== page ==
Sometimes the best thing a writer can do is not to be clever and brilliant and original. Sometimes the best thing is to give readers words for ideas and conditions they already understand, but may not have quite articulated yet.
Call it: codify the obvious.
And sometimes the best thing a writer can do is reveal a bit of himself, not because he’s unique, but because he isn’t.
Call it: no, we’re not alone. We may not always be comfortable with the company, but we’re not alone.
In the last posting, I mentioned that during a long period of enforced inactivity for medical reasons, I got a lot of reading done. Nothing specialized or focused, just whatever came my way and looked interesting. The local library and used book store provided several dozen volumes from decades long gone, not classics, sometimes not even particularly good, but often evocative.
The books that influence you most, perhaps even change you, need not be masterpieces. All they have to do is reach inside and get you going.
And so it was that I came upon Herman Wouk’s 1959 This Is My God: The Jewish Way of Life, his personal explanation of Orthodox Judaism and why he chose it.* The book is literate, respectful, genuinely modest, the work of a great novelist, a sincere practicing Jew, and a decent man.
I hated it.
When you have such a seemingly inappropriate reaction, you may not want to inquire too closely into why. It may also take time to figure it out, if you do. I had the curiosity and I had the time. I reread the book. I “reverse engineered” it. Finally, I understood what bothered me so intensely. It was a certain dishonesty, or more aptly a kind of willful self-blinding so ingrained in the Jewish worldview that most of us are probably not even aware of it.
Wouk wrote This Is My God in response to two major issues. The first was the accelerating assimilation of American Jews. As the cliché ran, “The Gentiles don’t want to kill us; they want to marry us.” The second issue, the accelerating growth of ignorance of things Jewish among his and his children’s generations, enabled the first. The two issues coalesced into: why should there continue to be a Jewish people?
Only Jews, among all the world’s civilized peoples, have to ask that question. Incessantly. Only Jews, it seems, are unsatisfied with the simple “Existence confers the right of existence” explanation or the easy acceptance of some higher calling, be it expressed as “American Exceptionalism,” “The Middle Kingdom,” “Mother Russia” or the rest of the catalogue of earthly chosenness. For Jews, there always has to be something more.
There are no doubt many deep reasons why Jews ask it, and ask it so obsessively. Wouk chose not to go there, simply accepted that because we have to ask, we also have to answer. After significant bush-around beating, he concluded, in essence:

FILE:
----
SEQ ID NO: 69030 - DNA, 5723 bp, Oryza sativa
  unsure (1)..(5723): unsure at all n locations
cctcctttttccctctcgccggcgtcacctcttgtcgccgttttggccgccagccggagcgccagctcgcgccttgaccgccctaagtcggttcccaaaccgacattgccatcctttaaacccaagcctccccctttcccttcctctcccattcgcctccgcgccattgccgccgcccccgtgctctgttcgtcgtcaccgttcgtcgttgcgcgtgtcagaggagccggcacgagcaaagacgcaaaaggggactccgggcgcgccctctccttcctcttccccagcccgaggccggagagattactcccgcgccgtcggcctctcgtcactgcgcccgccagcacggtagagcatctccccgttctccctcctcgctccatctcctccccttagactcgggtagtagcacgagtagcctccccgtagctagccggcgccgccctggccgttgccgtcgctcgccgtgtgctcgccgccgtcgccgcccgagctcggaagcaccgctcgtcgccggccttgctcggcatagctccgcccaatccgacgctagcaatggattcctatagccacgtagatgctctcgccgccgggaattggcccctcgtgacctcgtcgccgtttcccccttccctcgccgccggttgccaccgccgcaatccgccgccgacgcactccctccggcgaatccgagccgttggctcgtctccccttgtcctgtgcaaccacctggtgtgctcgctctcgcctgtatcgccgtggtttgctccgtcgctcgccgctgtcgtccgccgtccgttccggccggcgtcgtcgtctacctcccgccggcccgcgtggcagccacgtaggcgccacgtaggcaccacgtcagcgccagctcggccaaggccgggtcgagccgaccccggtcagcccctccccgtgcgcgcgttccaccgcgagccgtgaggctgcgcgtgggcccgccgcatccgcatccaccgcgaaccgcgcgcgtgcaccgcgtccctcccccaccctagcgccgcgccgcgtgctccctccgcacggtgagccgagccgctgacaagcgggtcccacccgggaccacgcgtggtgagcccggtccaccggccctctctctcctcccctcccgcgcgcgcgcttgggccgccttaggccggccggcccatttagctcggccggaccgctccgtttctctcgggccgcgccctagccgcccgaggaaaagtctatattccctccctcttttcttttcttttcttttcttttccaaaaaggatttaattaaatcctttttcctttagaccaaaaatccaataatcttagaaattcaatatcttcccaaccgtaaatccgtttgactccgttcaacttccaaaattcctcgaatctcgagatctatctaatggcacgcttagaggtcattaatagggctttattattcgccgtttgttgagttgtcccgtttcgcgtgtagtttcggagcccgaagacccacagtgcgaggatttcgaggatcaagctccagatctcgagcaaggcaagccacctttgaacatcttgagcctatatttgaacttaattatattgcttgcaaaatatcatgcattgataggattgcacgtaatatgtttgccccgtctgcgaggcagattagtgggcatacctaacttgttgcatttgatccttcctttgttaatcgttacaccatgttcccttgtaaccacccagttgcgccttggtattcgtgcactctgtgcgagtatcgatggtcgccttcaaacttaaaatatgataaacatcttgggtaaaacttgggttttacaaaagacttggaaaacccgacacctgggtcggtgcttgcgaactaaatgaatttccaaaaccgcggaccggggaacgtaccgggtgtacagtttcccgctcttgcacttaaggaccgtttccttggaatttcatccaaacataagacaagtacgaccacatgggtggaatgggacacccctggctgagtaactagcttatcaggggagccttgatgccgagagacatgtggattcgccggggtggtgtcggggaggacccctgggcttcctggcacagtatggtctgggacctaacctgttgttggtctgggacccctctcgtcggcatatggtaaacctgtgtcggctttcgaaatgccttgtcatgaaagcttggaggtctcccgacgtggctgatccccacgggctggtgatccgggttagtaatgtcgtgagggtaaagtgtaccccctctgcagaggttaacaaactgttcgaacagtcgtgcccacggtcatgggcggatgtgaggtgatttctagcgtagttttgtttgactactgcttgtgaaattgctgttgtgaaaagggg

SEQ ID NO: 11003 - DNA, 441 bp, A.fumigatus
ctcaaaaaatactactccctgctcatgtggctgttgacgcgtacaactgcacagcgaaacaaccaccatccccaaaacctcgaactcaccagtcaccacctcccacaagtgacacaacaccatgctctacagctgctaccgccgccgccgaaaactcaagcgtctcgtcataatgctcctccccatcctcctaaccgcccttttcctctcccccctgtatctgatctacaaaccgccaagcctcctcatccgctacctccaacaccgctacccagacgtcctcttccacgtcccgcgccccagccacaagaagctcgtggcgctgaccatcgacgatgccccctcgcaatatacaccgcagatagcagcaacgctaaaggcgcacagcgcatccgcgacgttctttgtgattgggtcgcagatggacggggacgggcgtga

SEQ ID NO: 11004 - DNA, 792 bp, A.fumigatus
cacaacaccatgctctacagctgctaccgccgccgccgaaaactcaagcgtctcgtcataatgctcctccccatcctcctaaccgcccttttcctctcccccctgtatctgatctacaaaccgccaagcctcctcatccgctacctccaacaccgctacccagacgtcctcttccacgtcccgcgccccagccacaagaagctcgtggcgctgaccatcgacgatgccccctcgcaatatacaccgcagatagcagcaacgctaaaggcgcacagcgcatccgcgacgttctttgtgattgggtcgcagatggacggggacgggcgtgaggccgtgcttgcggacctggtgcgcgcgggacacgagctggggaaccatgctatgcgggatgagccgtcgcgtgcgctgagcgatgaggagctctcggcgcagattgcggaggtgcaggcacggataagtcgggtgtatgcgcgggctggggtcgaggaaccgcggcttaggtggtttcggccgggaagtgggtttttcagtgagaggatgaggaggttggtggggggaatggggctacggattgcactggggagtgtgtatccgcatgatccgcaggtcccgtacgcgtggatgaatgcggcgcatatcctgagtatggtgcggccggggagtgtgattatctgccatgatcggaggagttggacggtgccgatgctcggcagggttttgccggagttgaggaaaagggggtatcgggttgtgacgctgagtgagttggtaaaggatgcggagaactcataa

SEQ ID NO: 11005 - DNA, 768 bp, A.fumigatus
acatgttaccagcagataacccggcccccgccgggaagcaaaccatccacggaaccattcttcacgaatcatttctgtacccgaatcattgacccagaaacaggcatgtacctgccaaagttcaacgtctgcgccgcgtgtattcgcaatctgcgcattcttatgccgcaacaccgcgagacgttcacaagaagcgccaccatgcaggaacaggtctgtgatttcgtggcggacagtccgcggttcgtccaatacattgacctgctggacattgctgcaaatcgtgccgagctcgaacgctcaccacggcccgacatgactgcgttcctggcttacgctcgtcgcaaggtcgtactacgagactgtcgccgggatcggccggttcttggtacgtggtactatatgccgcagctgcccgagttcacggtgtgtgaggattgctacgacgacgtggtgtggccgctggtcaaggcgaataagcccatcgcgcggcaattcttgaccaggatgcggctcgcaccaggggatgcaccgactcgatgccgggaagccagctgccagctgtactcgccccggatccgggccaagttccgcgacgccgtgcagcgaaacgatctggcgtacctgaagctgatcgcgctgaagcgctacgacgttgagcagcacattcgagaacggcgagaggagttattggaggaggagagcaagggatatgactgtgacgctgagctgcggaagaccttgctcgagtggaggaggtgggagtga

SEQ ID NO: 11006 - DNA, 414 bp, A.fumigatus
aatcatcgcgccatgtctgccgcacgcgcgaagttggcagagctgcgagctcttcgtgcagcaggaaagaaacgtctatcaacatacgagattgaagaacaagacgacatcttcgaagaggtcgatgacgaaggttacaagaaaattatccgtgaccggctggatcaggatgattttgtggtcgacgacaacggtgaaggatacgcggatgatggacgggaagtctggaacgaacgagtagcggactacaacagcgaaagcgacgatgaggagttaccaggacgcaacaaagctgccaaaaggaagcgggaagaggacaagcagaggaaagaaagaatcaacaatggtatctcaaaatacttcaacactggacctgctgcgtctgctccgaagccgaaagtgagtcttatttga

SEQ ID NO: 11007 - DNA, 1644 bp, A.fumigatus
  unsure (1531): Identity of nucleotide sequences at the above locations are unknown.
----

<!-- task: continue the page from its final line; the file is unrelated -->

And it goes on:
We exist because of the Law. We should continue to exist for the sake of the Law, until such time as . . .
Here he trails off, as though in embarrassment. He invokes no messianic expectations, no “Nation of Priests” or “Light unto the Gentiles” imagery or commandments. It all comes down to, “Stay together for the sake of the rules, until something very good happens.”
Not much of an answer from such an articulate man and dedicated Jew.
But then, he slips something in, almost as though he didn’t want to write about it, couldn’t refute it, but had to mention it. He invokes a saying – he gives no source – that “law is the idolatry of the Jews.” He then agrees, sorta kinda, by concluding that the statement contains “a sharp half-truth.” Then he drops the subject entirely.
I didn’t drop the subject. Stay together for the sake of the rules? Stay together for the idolatry of the Jews? What kind of justification is that for a man – for a people – who, except for a small minority, no longer fret the Covenant? They certainly don’t credit the legend that every Jew who ever existed or would exist was present at Mount Sinai, giving free consent to eternal servitude to the divine. What kind of justification for a people who embraced a Zionism that specifically rejected the Jewish mission of enlightenment, along with the notion that the mission could only be performed in the Diaspora?
I took up the matter with a rabbi friend. He responded that every religion has its temptations to idolatry. True. But we weren’t talking about every religion. We were talking about one only, and one people only. The conversation faded. So did several others. And the question of the “sharp half-truth” remained:
Is law (lower-case l) the idolatry of the Jews?
And if so, what does that mean for any attempt to create a 21st century Jewish civilization that the world needs and will respect?
*Wouk subsequently wrote The Will to Live On (2000), The Language God Talks (2010) and a novel, The Lawgiver (2012).